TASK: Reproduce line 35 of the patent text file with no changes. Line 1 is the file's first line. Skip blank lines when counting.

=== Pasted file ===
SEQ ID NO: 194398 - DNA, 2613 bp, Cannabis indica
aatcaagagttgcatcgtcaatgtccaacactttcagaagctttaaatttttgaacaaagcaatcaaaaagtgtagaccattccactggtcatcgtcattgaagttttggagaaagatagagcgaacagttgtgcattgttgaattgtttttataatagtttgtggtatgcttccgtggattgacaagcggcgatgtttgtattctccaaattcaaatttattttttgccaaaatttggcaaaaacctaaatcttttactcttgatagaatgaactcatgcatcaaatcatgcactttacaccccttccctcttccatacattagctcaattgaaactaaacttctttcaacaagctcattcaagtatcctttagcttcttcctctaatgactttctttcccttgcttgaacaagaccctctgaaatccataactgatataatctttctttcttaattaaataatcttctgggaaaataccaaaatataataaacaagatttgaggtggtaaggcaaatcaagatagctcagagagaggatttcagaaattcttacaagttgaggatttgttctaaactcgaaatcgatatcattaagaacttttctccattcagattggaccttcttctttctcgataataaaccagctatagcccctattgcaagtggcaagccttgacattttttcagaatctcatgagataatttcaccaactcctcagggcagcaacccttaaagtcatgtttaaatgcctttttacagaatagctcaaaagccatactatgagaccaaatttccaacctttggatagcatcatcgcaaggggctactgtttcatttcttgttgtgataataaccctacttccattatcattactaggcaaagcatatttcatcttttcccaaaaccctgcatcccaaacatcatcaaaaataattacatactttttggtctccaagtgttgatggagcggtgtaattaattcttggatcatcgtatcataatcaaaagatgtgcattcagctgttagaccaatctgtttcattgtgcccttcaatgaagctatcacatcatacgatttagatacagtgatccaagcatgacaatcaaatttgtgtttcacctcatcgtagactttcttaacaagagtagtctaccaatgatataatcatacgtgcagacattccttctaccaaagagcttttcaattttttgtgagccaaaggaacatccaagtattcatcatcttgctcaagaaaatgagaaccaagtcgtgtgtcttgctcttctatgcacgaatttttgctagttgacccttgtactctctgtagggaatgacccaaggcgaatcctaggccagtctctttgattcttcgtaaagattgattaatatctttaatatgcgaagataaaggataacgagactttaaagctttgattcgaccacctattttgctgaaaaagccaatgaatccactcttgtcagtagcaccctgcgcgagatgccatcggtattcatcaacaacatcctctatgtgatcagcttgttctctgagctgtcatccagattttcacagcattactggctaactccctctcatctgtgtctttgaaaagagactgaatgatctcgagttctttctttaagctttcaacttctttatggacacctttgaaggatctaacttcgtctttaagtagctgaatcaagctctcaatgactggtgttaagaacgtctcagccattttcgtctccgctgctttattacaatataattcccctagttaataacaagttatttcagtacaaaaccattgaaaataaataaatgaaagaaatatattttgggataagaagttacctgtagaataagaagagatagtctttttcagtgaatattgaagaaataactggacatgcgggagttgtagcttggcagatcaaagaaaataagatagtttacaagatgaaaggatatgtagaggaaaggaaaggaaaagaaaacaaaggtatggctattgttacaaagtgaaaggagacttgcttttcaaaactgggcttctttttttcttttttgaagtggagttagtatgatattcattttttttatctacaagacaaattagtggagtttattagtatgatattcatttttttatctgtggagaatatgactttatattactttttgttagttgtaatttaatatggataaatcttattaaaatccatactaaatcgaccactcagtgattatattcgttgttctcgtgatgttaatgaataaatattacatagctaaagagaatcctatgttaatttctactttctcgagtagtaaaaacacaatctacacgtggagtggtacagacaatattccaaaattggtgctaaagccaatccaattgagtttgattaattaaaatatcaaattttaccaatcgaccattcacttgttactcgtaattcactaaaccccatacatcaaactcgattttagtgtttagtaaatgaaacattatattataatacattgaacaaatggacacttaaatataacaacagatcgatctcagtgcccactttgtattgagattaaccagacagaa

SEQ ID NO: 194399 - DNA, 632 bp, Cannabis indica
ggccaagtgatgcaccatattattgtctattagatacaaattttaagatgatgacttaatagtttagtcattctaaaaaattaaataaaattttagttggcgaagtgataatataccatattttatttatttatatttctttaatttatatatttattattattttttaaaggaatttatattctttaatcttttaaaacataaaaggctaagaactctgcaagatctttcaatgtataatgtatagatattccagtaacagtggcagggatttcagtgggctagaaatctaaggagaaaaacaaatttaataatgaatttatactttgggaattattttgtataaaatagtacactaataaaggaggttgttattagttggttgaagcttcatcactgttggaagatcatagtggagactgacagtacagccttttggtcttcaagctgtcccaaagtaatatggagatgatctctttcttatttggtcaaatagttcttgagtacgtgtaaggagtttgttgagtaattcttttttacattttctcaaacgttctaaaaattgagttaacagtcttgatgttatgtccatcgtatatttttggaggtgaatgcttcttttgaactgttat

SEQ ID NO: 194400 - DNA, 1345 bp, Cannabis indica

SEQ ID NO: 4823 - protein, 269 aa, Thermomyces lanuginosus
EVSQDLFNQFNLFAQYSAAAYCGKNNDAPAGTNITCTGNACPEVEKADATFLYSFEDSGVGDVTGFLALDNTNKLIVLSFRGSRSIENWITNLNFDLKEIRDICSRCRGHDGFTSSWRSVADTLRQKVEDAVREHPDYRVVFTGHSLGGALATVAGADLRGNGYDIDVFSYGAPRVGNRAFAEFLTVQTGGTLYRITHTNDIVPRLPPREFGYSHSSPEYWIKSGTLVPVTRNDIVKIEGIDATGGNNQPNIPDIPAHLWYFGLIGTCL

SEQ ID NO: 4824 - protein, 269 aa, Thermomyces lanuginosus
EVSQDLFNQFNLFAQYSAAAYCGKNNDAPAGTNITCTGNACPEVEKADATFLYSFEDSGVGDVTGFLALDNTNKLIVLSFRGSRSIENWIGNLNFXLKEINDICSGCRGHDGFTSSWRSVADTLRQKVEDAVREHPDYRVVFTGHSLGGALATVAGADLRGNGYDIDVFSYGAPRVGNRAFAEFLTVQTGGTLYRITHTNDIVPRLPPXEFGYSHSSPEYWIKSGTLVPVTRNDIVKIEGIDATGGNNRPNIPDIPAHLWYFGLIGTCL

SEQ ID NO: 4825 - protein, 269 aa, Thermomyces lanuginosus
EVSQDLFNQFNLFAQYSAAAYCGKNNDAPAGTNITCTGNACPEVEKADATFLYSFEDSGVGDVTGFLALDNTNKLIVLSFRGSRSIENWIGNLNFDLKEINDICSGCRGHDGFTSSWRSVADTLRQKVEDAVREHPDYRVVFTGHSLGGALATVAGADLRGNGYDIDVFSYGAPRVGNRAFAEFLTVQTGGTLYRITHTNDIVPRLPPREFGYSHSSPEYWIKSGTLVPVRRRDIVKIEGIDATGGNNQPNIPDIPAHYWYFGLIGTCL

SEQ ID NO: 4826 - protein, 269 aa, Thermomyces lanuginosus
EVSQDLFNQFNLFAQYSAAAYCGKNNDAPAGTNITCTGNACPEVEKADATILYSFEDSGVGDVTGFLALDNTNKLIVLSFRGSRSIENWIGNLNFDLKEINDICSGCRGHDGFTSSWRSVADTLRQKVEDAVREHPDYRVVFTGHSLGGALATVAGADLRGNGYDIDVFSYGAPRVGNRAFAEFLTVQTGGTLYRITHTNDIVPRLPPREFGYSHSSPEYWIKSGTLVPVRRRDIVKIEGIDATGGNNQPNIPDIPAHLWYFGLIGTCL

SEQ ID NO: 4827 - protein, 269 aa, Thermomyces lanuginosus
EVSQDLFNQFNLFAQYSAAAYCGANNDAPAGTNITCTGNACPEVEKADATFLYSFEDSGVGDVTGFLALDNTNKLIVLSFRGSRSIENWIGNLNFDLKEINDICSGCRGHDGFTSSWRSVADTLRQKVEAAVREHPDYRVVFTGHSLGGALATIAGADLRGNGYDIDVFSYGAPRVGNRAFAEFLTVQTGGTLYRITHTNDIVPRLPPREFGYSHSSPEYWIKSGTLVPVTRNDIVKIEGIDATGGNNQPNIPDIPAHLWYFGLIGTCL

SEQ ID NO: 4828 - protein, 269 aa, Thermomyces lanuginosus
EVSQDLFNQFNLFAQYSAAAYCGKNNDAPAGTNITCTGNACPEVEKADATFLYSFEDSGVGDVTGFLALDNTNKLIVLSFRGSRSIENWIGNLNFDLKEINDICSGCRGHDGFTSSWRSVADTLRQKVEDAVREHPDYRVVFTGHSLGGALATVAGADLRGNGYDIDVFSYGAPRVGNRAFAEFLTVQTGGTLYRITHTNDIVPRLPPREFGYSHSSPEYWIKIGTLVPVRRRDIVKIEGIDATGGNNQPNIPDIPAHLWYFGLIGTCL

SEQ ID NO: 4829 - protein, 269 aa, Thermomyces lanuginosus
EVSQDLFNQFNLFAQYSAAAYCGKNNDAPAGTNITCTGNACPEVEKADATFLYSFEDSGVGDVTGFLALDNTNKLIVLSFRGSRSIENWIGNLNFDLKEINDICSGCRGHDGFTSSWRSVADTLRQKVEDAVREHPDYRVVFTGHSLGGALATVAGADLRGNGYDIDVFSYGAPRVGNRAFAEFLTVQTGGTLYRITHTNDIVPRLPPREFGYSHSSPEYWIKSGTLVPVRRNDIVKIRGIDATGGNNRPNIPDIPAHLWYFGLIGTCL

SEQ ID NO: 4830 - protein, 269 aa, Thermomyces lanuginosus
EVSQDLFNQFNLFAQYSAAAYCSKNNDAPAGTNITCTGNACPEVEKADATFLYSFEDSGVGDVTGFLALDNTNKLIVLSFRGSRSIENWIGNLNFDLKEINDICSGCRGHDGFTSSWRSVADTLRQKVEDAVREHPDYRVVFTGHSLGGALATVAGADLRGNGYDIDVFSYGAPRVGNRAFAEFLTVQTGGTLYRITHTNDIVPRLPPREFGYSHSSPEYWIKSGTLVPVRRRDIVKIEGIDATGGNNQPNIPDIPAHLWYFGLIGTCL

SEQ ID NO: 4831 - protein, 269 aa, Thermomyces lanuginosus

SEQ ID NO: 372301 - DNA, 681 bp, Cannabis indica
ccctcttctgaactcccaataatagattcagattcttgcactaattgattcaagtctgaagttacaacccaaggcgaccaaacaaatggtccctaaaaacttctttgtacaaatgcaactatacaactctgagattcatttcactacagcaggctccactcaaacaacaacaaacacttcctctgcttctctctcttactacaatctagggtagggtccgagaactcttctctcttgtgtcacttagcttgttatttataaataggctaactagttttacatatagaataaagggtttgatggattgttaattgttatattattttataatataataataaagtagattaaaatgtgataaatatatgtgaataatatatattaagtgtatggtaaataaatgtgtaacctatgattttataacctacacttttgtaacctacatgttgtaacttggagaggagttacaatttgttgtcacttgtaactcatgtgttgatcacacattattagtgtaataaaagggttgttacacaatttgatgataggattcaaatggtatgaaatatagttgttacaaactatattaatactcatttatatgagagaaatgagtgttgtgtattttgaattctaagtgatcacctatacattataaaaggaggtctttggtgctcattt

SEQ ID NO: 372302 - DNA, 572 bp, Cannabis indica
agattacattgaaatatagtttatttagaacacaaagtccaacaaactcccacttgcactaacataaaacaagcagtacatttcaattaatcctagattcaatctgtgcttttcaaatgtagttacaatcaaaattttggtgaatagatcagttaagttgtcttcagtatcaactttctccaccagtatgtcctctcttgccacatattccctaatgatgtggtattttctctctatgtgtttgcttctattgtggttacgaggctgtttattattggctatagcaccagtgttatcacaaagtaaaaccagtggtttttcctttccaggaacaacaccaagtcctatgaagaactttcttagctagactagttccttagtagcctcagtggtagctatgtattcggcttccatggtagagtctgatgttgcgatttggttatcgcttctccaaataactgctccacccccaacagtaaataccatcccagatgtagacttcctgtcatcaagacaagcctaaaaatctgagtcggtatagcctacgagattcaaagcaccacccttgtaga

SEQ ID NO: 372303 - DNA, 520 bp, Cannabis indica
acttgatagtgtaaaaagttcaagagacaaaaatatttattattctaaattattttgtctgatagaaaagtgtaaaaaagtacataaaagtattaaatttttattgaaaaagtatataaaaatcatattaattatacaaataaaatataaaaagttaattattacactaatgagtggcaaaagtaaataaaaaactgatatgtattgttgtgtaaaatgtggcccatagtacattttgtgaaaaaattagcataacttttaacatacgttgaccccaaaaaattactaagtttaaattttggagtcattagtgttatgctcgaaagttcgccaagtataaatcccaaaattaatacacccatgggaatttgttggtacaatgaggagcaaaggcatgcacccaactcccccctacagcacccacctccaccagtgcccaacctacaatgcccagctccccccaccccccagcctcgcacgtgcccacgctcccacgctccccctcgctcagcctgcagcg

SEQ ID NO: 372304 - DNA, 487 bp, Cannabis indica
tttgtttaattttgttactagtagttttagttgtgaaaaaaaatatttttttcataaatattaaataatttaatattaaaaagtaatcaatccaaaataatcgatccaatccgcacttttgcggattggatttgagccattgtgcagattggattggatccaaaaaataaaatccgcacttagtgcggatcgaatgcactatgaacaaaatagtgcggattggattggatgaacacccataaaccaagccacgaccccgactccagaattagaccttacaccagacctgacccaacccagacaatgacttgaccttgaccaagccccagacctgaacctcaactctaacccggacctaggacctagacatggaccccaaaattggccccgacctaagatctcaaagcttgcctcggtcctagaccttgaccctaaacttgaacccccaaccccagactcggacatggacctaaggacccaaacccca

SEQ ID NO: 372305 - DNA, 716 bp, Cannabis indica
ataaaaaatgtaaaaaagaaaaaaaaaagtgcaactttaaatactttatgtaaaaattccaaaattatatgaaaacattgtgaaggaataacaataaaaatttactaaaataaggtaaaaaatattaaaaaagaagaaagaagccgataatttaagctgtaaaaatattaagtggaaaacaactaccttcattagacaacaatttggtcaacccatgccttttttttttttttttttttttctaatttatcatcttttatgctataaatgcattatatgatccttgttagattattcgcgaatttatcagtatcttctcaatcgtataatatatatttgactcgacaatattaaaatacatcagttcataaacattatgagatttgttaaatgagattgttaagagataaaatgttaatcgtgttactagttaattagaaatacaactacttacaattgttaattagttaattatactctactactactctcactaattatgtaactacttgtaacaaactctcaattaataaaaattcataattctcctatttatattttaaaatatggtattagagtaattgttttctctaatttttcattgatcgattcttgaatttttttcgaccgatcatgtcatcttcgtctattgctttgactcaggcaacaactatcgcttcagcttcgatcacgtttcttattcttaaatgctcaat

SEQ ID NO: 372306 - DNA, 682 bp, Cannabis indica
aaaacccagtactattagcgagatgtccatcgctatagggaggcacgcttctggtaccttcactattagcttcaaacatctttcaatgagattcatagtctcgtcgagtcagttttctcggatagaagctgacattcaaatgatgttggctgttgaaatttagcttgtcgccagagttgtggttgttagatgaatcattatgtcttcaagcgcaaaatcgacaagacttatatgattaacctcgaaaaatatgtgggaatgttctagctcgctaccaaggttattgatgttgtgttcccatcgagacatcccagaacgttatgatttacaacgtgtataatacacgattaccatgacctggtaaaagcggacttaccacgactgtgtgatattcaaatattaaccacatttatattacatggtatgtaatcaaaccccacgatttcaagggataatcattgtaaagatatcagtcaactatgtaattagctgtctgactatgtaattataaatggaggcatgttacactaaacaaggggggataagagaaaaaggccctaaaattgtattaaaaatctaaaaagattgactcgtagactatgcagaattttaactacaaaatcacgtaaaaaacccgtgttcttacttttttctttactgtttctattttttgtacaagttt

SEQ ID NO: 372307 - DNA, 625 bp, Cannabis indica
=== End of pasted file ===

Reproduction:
SEQ ID NO: 372307 - DNA, 625 bp, Cannabis indica